Sep 2017


It's incredible to think that Shania Twain has been away for fifteen years. She was a mega celebrity in the '90s and was one of the major country stars (along with Garth Brooks) that successfully crossed over onto the pop charts with her seemingly inescapable hits. But the last decade-and-a-half hasn't been the kindest to her professionally or personally. Aside from some drastic life changes, including a divorce from her former writing partner, Robert John "Mutt" Lange, she also was suffering from dysphonia and Lyme disease, which nearly took away her famous voice. But after some soul searching and physical recovery, she's back to conquer the charts again with her new album, NOW. Though her voice has changed a little bit since her early days, it's still recognizably Shania Twain and she uses her powerful country twang with songs that now play around with modern pop production. Listening to "Life's About To Get Good," you wouldn't know there had been anything wrong this last decade-and-a-half. It's an absolutely joyous pop ballad that is a perfect celebration of life. The layers of happy sounds and bright-eyed optimism in her lyrics create a song that feels like the musical embodiment of happiness. It's hard not to listen to her life-affirming lyrics and smile to the melody. Shania Twain is back without fumbling for one second. NOW is a musical ray of sunshine for your cloudy day and captures how great life can really be.

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Silver Eye (LP)

Goldfrapp’s Silver Eye is a refreshing return to the icy cool, ‘80s inspired synth pop sound the duo perfected on Supernature and Black Cherry. The record is cinematic, glamorous, and darkly romantic — in short, it’s everything you want a Goldfrapp record to be. “Anymore” is a propulsive paean to love and lust, “Systemagic” fits right into the currently ultra cool industrial scene, and “Ocean” is a sweeping, introspective, and haunting closer. Listeners will want to get lost in this moody disco dream.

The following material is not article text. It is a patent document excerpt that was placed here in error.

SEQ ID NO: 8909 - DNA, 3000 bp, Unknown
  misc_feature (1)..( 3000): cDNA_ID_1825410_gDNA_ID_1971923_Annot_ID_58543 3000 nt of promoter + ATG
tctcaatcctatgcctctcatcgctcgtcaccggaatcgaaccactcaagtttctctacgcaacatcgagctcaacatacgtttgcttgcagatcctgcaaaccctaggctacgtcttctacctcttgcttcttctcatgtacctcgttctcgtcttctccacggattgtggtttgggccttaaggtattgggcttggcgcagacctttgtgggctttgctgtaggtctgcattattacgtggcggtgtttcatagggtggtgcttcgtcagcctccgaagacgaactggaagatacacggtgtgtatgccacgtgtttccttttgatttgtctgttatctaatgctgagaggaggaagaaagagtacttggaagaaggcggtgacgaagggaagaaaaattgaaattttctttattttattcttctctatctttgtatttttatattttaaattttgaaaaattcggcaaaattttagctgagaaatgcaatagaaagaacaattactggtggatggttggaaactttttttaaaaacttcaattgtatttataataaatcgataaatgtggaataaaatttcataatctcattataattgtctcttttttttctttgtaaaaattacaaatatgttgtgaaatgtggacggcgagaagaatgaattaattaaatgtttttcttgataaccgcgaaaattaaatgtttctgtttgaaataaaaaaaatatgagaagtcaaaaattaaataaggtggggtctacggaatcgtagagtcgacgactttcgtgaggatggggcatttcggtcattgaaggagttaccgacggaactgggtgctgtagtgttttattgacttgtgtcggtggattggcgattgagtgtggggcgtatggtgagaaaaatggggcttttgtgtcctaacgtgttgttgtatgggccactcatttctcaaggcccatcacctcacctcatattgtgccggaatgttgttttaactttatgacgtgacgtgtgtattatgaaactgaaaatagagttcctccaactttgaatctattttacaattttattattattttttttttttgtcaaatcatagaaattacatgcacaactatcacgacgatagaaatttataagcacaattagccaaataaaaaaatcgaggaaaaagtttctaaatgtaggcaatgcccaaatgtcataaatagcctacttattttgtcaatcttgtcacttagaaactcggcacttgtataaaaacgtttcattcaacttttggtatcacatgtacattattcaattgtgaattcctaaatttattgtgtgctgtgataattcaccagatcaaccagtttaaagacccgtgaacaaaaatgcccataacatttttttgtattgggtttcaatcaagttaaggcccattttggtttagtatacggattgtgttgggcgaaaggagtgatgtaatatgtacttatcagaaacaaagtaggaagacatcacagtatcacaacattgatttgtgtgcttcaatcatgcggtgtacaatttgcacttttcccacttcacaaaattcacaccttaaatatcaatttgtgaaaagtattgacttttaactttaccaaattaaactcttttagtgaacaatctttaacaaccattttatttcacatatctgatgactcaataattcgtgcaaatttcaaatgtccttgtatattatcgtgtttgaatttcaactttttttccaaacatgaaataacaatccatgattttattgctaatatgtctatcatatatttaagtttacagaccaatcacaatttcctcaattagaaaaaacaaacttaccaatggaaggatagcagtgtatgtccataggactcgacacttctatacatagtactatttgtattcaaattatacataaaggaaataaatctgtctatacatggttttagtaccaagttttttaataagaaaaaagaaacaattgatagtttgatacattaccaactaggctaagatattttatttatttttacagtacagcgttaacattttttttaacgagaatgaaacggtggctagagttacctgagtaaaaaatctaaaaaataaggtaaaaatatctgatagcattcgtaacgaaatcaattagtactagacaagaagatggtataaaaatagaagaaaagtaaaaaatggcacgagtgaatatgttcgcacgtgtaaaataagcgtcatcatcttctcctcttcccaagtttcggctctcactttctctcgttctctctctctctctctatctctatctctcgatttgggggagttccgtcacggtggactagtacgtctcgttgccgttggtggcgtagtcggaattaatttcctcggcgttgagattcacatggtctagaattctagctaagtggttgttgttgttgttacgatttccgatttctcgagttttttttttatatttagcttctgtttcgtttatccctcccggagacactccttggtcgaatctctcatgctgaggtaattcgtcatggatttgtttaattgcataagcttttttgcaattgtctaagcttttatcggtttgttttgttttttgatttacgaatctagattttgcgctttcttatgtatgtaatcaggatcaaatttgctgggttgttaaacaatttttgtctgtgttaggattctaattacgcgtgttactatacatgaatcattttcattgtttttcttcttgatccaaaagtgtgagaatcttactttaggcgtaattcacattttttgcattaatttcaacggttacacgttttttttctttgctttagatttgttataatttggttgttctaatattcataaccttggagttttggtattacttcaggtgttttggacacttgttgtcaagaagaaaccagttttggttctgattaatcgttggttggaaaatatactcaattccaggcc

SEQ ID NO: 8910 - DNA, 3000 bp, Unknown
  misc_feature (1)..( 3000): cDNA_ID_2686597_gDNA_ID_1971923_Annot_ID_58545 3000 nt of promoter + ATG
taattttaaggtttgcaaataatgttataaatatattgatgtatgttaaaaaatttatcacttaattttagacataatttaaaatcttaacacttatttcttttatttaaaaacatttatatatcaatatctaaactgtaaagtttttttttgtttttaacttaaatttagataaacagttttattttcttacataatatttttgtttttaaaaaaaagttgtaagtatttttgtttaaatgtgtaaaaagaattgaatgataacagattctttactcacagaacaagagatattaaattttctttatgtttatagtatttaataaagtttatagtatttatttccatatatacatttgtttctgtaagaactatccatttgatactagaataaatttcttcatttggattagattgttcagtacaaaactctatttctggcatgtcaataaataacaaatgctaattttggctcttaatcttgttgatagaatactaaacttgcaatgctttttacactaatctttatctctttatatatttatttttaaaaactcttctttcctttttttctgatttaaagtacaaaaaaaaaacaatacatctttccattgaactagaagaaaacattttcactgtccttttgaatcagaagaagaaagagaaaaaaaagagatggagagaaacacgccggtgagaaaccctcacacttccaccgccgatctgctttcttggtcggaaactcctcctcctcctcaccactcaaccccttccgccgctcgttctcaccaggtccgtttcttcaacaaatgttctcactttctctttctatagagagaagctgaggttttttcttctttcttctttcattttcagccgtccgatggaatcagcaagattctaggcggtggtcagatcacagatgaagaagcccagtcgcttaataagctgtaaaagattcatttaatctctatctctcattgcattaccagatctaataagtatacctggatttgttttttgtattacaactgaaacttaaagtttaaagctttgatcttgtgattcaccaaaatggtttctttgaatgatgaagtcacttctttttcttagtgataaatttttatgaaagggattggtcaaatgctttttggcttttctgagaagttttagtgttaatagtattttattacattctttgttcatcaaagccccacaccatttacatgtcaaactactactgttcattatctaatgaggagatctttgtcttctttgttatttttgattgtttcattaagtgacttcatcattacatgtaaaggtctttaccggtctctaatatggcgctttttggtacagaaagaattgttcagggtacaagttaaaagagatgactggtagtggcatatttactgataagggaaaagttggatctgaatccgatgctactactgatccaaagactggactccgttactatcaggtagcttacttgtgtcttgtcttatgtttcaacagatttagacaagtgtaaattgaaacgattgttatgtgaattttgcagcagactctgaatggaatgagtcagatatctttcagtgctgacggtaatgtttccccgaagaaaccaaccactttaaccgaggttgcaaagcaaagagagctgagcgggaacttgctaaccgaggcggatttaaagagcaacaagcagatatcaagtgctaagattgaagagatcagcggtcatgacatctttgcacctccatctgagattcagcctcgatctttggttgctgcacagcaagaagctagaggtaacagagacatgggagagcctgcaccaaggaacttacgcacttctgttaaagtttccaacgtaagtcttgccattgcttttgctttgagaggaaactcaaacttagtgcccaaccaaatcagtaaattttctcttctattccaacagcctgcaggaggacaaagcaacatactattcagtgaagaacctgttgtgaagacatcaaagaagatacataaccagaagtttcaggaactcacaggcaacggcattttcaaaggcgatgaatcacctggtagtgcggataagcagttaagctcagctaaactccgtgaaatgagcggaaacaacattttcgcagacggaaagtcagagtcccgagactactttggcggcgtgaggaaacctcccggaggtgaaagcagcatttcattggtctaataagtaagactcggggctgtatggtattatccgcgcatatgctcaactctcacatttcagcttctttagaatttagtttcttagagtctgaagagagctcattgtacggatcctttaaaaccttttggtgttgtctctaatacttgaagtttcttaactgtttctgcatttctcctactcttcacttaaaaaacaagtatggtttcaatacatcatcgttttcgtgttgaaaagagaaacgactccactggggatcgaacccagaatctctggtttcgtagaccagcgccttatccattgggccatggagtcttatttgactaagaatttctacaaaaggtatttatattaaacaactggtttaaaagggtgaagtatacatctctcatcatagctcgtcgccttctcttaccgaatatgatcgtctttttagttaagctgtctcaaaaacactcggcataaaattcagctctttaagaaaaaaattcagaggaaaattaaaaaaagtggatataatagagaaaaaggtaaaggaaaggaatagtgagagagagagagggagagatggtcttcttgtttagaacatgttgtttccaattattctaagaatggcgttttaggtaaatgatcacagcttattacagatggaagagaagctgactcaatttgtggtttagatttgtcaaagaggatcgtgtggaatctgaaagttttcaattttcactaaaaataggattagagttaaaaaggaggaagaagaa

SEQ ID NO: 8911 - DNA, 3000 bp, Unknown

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Music Complete (LP)

Against all odds, new-wave greats New Order have returned for a 10th studio album that lives up to the band’s formidable past. From the first notes of shimmering first single “Restless,” it’s clear we’re dealing with the classic New Order sound, as the band returns to the more electronic (and current, frankly) sound of their late-’80s and early-’90s work. The way “Singularity” builds from moody Joy Division-esque post-punk into danceable hi-NRG synths will have fans thanking the heavens for the return of original keyboardist Gillian Gilbert. “Plastic” introduces some retro house synths (but at this point, what is retro anyway, as this sound still gets floated around everywhere) and adds some gleefully silly lyrics (“It’s official, you’re fantastic” goes the refrain). “Tutti Frutti’s” glittering synths combine nicely with Bernard Sumner’s weary vocals in a style reminiscent of one of their greatest hits, “True Faith.” The track’s killer disco bassline more than proves Tom Chapman’s mettle (in the absence of original bassist Peter Hook), which continues into the housey “People on the High Line.” A few guest appearances add to the proceedings—Iggy Pop delivers a Tom Waits-ish spoken word over the coldwave beat of “Stray Dog,” and La Roux’s Elly Jackson adds vibrant backup vocals to several tracks. By focusing on consistency, the band doesn’t come off like it’s trying too hard on Music Complete. Instead, the album exists perfectly within the band’s legendary catalog.

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